The Use of Acid Reflux Drugs May Increase Your Risk of Dementia
Acid reflux drugs are commonly prescribed to manage symptoms of gastroesophageal reflux disease (GERD). While these medications can provide relief for short-term use, recent studies have shown that long-term use may be associated with an increased risk of dementia.
The potential link between acid reflux drugs and dementia has raised concerns among healthcare professionals and patients alike. In this article, we will explore the existing research on this topic to help you better understand the potential risks and make informed choices about your health.
Read on to learn more about the connection between long-term use of acid reflux drugs and dementia risk.
Understanding Acid Reflux Medications
Acid reflux medications, such as proton pump inhibitors (PPIs), are commonly prescribed to individuals who experience frequent heartburn and other symptoms associated with gastroesophageal reflux disease (GERD). These medications work by reducing the amount of acid produced in the stomach, thereby alleviating symptoms.
While PPIs are generally considered safe for short-term use, concerns have been raised about the potential risks associated with their long-term use. Research suggests that prolonged use of PPIs may be linked to an increased risk of cognitive decline and dementia.
Long-term PPI use and dementia
One study published in JAMA Neurology found that individuals aged 75 years and older who regularly used PPIs had a significantly higher risk of developing dementia compared to those who did not use the medications. The study authors noted that the association was strongest among individuals who used PPIs for more than 18 months.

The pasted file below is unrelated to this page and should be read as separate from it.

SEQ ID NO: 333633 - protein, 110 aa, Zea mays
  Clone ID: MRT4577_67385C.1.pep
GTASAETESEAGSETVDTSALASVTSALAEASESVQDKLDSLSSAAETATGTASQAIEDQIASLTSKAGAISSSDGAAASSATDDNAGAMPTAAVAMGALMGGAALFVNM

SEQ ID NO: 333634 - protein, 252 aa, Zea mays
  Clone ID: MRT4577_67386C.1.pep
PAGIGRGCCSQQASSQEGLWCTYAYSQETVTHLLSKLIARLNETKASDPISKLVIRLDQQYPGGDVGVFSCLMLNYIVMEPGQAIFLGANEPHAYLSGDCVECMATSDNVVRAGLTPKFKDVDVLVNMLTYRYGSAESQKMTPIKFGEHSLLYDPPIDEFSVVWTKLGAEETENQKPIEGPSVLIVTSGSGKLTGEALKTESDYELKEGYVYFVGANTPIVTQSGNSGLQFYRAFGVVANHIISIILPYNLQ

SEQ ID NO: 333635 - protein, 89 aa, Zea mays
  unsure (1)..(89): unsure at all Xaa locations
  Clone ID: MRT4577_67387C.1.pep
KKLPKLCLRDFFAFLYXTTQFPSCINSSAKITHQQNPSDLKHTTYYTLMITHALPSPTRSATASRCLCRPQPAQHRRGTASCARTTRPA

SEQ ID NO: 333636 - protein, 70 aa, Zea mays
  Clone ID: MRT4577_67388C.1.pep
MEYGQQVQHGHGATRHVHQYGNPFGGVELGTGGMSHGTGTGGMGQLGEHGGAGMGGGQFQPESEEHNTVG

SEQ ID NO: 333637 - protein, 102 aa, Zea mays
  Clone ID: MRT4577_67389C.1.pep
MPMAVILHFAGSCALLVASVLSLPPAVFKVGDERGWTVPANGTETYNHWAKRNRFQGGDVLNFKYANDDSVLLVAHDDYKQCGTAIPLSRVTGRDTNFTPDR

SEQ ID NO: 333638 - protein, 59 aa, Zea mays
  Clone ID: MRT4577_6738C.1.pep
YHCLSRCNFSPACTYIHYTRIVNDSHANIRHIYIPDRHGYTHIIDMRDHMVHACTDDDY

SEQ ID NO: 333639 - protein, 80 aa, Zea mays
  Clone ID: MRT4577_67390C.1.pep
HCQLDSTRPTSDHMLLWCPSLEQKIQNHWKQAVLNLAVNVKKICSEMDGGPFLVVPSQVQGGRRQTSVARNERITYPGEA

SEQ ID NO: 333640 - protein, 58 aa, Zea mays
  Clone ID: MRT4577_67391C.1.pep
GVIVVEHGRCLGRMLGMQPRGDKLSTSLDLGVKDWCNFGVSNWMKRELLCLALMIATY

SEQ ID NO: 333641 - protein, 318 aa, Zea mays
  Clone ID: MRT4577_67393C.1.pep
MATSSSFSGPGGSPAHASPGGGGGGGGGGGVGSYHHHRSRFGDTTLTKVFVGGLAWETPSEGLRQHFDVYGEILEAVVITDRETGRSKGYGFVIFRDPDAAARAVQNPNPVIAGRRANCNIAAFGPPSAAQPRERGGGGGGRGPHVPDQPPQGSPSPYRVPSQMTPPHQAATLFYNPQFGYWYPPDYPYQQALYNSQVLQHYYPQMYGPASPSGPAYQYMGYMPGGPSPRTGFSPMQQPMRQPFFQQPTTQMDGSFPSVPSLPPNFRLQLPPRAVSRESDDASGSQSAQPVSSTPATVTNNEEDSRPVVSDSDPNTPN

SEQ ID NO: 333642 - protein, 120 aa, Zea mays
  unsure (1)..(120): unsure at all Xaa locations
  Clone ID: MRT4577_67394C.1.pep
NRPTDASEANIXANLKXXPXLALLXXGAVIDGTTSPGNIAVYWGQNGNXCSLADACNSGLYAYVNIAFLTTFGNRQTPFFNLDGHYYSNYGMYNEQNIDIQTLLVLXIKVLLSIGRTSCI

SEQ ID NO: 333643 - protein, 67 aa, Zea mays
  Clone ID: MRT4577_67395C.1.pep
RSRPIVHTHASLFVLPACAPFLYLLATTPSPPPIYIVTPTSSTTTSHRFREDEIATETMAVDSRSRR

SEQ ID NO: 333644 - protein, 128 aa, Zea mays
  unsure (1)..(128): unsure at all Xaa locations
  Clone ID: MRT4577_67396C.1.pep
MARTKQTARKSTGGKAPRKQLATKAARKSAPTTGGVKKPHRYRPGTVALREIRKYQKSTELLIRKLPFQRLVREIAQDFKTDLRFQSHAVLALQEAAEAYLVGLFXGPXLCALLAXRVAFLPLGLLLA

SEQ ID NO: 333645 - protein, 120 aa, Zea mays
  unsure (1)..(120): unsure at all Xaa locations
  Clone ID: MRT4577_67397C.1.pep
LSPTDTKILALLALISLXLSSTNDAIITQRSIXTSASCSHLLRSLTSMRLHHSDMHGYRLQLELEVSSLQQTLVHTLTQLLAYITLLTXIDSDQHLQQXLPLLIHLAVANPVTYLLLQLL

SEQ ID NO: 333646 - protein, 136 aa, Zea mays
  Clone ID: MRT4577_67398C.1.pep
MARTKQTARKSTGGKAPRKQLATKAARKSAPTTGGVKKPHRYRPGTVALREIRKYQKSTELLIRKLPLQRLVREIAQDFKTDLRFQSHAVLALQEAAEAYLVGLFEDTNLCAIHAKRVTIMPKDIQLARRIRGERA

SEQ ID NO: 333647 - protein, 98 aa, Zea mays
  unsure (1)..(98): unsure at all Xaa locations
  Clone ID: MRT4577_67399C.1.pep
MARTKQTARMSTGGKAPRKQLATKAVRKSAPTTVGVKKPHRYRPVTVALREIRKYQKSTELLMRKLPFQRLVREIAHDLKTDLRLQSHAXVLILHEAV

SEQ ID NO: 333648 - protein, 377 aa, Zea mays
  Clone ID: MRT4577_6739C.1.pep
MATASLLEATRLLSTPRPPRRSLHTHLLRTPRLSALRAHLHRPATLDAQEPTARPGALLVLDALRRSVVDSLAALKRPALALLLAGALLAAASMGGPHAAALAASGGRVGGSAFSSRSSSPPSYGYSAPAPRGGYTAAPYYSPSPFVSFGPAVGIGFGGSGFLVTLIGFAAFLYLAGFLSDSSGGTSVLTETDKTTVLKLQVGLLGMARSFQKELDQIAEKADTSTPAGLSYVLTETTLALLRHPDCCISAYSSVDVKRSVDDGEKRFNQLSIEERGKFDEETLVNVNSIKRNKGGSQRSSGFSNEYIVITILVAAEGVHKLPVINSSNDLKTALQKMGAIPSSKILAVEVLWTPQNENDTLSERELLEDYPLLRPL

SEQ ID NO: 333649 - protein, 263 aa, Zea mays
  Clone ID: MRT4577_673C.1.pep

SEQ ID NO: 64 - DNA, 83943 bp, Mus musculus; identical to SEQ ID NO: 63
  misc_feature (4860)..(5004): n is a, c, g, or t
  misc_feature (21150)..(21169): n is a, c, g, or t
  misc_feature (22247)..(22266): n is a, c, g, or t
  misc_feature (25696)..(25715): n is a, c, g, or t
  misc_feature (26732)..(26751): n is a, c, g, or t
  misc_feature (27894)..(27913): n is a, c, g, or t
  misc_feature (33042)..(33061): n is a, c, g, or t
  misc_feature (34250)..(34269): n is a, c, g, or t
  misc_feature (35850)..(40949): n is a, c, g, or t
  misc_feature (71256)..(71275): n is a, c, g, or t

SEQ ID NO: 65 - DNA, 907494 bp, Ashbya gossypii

Another study published in the Journal of Clinical Psychiatry found that long-term use of PPIs was associated with a greater risk of cognitive impairment in older adults.
Proton pump inhibitors and dementia risk
The exact mechanisms through which PPIs may increase the risk of dementia are not fully understood. However, some researchers speculate that the medications may interfere with the body’s ability to absorb certain nutrients that are important for brain health, such as vitamin B12.
Other studies suggest that PPIs may increase levels of beta-amyloid, a protein that forms plaques in the brains of individuals with Alzheimer’s disease.
Despite these findings, it is important to note that not all research has found a significant link between PPI use and cognitive decline or dementia risk. More studies are needed to fully understand the relationship between acid reflux medications and brain health.
Acid Reflux Drugs and Cognitive Impairment
Research has suggested that long-term use of acid reflux drugs, particularly proton pump inhibitors (PPIs), may be associated with an increased risk of cognitive impairment and dementia. While the exact mechanisms behind this relationship are not fully understood, several potential factors have been proposed.
Acid Suppressants and Cognitive Impairment
One proposed mechanism involves the impact of acid suppressant medications on the gut microbiome. PPIs and other acid reflux drugs have been shown to alter the balance of bacteria in the gut, which may in turn impact cognitive function. In particular, some research has suggested that changes in gut bacteria can lead to increased inflammation, oxidative stress, and other factors that can contribute to cognitive decline.